A Glimpse into the Study
Here’s some exciting news. A team of scientists from Harvard Medical School and the University of Copenhagen have created an artificial intelligence (AI) tool.
What’s unique about this tool? It can identify people who are at a high risk of getting pancreatic cancer, up to three years before they are diagnosed.
How does it do this? It uses the patients’ medical records. Their findings were published in Nature Medicine on May 8.
Why is this Important?
Pancreatic cancer is one of the deadliest cancers around the globe. It’s usually found in advanced stages when treatments aren’t as effective.
This means survival rates are low. We need better tools for early detection. This new AI tool could be a game-changer.
Today, we don’t have any tools to screen large groups for pancreatic cancer.
We do screen people with family history and certain genetic mutations in a more targeted way. But this approach misses some cases.
AI: A Potential Game Changer
The AI tool developed by the researchers could help us zero in on those most at risk.
Chris Sander, a faculty member at the Harvard Medical School and a co-senior investigator on this study, highlighted the tool’s potential.
He said it could improve decisions about who needs further testing. This is crucial, as these tests can be invasive and expensive, and also carry their own risks.
Using AI could help us find pancreatic cancer earlier. This could lead to earlier treatment, better outcomes, and longer life spans for patients.
How the Study Was Conducted
The researchers trained the AI algorithm using two separate sets of data. These included 9 million patient records from Denmark and the United States.
The AI model was asked to look for signs of pancreatic cancer in the records. It did this by examining combinations of disease codes and when they occurred.
The researchers tested different versions of the AI models. They wanted to see how well they could identify people at risk of getting the disease within different time scales: 6 months, one year, two years, and three years.
Breaking Down the Current Screening Methods
Screening for common cancers like breast, cervix, and prostate gland has become easier with effective techniques like mammograms, Pap smears, and blood tests.
But for pancreatic cancer, it’s a different story. The detection methods are more complicated and costly.
Right now, doctors mainly look at family history and genetic mutations. While these are important indicators, they often miss many patients.
The new AI tool could be used for all patients, not just those with known genetic risk or family history.
The Challenges of Pancreatic Cancer
The pancreas is located deep in the abdomen, which makes it difficult to access for testing. Because of its sensitivity, it’s often referred to as “the angry organ.”
If pancreatic cancer is diagnosed in the early stages, about 44 percent of people survive for at least five years.
But only 12 percent of cases are diagnosed this early. When the cancer has spread, the survival rate drops dramatically, to between 2 to 9 percent.
How the AI Model Works
The researchers created several versions of the AI model. They trained these on the health records of 6.2 million patients from Denmark’s national health system over 41 years.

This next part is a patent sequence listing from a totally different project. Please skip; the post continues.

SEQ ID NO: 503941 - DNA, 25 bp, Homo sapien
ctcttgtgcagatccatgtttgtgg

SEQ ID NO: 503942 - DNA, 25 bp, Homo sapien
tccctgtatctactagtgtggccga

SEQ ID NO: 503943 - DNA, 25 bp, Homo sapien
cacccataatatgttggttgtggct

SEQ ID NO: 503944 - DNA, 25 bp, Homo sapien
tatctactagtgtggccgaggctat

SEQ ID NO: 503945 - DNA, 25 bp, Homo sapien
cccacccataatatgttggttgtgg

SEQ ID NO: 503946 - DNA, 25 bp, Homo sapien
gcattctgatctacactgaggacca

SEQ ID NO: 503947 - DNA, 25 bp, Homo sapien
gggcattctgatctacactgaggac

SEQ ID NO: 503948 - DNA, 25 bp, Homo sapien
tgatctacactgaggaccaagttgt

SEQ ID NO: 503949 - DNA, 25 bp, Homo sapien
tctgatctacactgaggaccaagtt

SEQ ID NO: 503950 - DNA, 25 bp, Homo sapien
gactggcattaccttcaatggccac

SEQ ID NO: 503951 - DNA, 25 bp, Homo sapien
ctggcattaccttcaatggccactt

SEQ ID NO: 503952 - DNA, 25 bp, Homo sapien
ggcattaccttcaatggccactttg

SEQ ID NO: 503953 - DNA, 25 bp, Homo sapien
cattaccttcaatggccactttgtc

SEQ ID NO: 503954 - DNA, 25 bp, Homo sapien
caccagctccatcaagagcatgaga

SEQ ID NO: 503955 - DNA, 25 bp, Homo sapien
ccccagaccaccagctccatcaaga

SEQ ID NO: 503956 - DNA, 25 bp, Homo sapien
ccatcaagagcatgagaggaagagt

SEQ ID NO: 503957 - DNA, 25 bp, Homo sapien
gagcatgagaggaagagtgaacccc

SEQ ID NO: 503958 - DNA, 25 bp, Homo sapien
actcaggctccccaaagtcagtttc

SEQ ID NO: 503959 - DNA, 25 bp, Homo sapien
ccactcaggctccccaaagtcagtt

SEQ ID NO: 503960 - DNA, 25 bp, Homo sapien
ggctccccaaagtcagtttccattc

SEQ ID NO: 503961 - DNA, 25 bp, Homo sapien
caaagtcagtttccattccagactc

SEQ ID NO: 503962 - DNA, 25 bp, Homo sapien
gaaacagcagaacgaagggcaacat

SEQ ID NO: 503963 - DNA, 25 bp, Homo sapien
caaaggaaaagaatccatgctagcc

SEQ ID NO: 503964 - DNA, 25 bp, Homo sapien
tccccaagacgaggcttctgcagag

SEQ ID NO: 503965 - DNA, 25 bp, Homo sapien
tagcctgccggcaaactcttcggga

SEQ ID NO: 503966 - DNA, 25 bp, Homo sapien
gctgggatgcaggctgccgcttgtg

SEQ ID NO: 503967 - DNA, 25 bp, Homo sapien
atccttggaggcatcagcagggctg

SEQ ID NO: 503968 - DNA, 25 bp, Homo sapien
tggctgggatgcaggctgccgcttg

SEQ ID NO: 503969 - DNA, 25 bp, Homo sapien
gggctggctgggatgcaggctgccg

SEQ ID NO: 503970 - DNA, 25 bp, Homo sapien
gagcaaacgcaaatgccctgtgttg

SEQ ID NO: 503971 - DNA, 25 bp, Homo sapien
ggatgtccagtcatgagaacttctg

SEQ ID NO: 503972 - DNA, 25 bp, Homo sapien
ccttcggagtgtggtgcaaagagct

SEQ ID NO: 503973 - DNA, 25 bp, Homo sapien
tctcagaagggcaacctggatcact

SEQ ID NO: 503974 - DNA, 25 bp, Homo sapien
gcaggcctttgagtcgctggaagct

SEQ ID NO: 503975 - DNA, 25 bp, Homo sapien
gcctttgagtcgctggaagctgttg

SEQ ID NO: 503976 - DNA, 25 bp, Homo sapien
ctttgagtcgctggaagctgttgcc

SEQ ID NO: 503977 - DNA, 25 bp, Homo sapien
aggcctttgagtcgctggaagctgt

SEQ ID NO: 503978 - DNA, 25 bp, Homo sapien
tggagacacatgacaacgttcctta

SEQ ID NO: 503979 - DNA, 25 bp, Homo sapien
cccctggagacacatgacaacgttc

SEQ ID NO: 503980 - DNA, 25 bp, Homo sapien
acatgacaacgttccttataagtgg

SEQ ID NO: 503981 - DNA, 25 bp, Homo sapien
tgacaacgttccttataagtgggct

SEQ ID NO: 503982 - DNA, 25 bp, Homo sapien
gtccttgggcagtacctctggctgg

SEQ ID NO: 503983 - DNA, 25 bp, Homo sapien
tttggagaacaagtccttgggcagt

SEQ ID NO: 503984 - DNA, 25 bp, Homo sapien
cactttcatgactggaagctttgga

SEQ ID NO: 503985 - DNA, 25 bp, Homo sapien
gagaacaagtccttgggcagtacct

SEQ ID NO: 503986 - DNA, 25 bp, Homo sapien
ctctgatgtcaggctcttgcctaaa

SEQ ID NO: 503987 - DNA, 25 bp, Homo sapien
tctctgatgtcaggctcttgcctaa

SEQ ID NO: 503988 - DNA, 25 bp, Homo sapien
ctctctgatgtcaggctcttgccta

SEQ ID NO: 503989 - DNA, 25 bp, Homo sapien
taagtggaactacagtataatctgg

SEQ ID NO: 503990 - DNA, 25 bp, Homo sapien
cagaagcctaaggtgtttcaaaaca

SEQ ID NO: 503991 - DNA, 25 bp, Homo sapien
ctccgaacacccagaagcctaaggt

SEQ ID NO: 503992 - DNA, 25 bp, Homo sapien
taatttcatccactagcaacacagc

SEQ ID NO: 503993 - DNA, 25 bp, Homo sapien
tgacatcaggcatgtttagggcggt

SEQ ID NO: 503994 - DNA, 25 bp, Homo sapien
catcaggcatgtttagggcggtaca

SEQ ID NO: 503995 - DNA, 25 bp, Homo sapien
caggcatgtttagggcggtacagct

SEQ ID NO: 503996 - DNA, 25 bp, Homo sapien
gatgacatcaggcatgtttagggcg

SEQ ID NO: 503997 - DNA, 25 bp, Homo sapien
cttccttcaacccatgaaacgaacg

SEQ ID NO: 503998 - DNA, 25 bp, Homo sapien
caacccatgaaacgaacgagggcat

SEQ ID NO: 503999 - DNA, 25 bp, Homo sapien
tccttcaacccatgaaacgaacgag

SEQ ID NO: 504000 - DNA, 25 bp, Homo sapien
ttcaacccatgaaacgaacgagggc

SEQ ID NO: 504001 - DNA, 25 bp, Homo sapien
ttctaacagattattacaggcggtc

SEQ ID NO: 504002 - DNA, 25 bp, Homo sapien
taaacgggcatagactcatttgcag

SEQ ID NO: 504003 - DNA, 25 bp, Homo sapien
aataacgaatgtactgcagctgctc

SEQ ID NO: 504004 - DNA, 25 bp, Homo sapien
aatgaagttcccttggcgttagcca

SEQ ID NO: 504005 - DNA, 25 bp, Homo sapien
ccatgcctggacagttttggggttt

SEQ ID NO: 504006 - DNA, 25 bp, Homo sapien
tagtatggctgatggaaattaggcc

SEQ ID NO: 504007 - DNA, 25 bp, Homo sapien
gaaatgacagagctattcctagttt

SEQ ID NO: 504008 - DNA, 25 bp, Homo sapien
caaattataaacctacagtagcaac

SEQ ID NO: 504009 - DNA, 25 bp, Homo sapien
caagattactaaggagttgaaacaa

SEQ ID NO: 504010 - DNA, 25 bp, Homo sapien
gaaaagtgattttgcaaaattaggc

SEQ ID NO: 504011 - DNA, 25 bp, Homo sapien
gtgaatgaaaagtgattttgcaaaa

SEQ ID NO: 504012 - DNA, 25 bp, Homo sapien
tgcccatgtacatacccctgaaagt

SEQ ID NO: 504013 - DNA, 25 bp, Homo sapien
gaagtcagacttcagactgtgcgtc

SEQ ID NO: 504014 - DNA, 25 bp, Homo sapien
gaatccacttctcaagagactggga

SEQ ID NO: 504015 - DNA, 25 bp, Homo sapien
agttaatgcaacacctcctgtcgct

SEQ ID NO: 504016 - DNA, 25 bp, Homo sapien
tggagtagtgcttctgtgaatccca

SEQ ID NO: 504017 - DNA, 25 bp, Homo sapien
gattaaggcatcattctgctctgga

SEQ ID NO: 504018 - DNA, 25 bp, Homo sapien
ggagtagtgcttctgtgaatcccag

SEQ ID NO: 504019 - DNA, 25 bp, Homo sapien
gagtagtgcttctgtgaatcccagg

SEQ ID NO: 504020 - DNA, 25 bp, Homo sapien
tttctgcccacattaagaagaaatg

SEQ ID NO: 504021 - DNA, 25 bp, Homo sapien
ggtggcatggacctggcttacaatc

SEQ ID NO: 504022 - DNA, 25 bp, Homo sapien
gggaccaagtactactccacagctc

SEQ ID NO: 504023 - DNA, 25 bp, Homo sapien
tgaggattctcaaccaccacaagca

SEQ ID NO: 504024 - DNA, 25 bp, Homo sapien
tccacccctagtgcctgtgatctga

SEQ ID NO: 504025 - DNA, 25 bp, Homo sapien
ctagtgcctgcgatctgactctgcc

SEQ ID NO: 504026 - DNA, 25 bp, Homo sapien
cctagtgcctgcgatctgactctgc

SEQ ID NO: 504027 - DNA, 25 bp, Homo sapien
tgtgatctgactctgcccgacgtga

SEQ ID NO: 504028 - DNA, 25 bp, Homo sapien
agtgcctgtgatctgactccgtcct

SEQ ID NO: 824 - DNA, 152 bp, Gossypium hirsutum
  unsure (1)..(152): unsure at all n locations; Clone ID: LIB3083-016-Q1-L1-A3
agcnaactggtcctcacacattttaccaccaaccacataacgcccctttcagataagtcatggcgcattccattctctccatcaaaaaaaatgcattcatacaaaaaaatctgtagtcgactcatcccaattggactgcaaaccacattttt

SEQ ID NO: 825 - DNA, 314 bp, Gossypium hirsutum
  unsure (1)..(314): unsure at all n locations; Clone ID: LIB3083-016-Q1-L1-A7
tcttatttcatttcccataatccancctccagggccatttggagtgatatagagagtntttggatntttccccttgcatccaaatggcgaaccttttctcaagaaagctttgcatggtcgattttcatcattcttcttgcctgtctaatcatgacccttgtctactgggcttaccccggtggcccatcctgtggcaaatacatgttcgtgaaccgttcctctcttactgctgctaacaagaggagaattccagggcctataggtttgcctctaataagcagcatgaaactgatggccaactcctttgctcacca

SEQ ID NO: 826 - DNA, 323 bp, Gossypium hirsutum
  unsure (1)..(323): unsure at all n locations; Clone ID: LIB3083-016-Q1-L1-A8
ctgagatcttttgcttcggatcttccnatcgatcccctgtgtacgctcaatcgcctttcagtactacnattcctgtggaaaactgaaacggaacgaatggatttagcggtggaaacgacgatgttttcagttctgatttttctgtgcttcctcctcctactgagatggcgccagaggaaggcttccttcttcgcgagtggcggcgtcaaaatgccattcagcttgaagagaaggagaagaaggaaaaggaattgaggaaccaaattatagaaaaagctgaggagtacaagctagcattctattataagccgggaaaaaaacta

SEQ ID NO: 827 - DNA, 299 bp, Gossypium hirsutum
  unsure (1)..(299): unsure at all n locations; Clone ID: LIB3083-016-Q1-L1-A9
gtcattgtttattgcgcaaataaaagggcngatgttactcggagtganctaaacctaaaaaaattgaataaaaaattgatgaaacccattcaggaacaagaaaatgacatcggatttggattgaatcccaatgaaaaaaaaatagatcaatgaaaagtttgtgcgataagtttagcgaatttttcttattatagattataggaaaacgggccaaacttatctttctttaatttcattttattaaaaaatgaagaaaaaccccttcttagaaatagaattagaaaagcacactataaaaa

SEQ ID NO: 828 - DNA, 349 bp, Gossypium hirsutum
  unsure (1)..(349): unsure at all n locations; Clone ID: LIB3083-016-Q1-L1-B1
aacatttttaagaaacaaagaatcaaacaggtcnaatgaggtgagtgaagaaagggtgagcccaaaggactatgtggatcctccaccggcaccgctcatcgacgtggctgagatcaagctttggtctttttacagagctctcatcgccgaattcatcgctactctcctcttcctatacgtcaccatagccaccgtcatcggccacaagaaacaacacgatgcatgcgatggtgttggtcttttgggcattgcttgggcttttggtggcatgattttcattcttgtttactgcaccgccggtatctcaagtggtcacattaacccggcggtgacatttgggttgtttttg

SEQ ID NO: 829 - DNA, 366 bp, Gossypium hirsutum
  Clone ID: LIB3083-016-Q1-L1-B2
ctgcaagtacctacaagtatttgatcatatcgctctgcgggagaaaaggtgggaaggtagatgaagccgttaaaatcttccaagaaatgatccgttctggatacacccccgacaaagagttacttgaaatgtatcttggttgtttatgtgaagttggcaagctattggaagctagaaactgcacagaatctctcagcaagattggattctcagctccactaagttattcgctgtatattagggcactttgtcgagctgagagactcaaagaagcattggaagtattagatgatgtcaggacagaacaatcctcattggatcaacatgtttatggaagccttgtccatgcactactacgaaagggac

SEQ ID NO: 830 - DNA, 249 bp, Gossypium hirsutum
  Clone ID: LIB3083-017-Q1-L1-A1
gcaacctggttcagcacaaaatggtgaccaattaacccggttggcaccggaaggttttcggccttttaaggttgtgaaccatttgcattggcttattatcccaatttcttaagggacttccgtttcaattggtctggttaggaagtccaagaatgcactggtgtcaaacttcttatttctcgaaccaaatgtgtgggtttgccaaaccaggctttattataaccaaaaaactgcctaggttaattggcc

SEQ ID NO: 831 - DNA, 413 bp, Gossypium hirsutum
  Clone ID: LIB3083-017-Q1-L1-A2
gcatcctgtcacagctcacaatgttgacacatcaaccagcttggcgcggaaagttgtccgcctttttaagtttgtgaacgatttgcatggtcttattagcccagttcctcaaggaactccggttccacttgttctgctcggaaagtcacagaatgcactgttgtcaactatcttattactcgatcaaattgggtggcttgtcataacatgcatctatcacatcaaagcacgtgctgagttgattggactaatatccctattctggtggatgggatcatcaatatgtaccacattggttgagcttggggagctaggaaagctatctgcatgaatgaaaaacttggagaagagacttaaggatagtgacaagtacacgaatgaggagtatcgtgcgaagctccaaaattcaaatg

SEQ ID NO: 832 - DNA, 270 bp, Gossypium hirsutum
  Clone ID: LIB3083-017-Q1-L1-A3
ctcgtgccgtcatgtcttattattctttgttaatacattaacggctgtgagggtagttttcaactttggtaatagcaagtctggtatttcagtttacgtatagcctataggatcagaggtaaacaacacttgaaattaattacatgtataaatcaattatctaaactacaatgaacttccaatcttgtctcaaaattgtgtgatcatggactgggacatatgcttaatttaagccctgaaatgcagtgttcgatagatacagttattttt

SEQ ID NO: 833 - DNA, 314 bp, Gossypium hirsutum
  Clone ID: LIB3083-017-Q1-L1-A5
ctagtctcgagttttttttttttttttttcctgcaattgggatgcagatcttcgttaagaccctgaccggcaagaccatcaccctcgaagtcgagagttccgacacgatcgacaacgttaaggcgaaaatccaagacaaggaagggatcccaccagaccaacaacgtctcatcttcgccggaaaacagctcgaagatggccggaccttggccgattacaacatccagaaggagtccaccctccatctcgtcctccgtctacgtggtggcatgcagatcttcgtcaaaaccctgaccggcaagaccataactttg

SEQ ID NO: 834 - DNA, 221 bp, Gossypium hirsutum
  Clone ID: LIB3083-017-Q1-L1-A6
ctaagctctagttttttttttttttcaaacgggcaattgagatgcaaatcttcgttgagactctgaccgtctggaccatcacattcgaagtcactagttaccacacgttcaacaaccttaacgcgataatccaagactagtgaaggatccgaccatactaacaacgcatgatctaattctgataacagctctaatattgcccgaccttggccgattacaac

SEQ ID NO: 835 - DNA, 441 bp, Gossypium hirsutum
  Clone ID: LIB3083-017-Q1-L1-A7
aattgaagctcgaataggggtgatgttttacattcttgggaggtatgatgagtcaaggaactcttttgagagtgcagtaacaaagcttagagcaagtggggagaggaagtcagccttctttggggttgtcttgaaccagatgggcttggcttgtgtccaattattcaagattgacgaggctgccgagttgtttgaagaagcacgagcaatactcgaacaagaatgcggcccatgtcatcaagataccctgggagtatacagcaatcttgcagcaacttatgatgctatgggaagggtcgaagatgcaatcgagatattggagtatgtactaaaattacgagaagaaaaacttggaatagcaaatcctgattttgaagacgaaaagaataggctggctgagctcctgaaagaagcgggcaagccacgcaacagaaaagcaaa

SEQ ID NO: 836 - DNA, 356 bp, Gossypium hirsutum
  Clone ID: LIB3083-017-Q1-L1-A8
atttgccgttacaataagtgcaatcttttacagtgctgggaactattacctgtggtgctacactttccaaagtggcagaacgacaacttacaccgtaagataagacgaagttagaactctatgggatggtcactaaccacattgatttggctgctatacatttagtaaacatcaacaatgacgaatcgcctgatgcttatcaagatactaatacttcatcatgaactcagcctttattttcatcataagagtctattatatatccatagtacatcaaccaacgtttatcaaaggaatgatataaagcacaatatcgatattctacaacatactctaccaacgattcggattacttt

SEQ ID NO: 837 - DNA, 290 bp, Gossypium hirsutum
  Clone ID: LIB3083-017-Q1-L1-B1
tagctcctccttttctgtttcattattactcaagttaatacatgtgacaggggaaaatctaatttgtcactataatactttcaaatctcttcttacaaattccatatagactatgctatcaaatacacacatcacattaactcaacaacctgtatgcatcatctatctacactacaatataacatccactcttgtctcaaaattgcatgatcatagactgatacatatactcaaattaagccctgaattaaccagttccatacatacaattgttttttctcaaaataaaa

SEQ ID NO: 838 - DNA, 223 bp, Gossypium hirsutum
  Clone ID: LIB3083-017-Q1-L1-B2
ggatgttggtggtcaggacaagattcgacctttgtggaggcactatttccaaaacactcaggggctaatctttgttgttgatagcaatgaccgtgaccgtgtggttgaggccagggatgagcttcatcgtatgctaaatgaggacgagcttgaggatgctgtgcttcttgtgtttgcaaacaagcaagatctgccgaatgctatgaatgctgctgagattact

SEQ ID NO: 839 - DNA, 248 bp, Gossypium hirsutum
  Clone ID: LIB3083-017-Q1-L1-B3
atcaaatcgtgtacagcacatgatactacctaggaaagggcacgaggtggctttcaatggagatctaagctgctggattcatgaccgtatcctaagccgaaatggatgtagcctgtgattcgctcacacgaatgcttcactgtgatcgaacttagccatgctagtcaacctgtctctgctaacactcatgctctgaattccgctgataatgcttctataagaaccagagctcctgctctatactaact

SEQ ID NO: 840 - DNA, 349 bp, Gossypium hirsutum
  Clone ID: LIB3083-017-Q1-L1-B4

Of these patients, 23,985 developed pancreatic cancer over time.
The AI model looked at patterns based on disease trajectories. These are conditions that occurred in a certain sequence over time.
Diagnoses like gallstones, anemia, type 2 diabetes, and other GI-related problems indicated a greater risk for pancreatic cancer within 3 years.
Testing the AI Model
After training the AI models, the researchers decided to put them to the test. They used a fresh set of patient records from the U.S. Veterans Health Administration.
This dataset contained nearly 3 million records spanning 21 years and included 3,864 individuals diagnosed with pancreatic cancer.
However, the AI tool’s performance dipped a bit on this dataset. The researchers believe this was due to the shorter timeframe of the U.S. dataset and the different patient profiles compared to the Danish dataset.
To improve its accuracy, they trained the AI model from scratch using only the U.S. dataset. The results were much better.
This highlighted the importance of using high-quality and rich data, as well as the need for AI models to be trained on local health data to account for population differences.
The Future of AI in Pancreatic Cancer Screening
The findings of this study show that AI can be a powerful tool in the fight against pancreatic cancer.
By accurately identifying those at the highest risk years before diagnosis, we can begin treatments earlier, potentially improving outcomes and prolonging patients’ lives.
However, it’s essential to remember that these AI tools are not stand-alone solutions. They should be used alongside traditional screening methods and under the guidance of healthcare professionals.
Also, while AI can predict risk, it doesn’t mean that everyone identified as high-risk will develop pancreatic cancer.
In conclusion, AI presents a promising opportunity to change the trajectory of pancreatic cancer. Its use in healthcare is only just beginning, and this study represents a significant step forward in its potential applications.
As we continue to develop and refine these tools, we can only expect to see more breakthroughs in the future.
If you care about cancer, please read studies about how to reduce pancreatic cancer spread by nearly 90%, and green tea could help reduce death risk in type 2 diabetes
For more information about health, please see recent studies about new way to increase the longevity of cancer survivors, and results showing vitamin D supplements strongly reduces cancer death.
The study was published in Nature Medicine.
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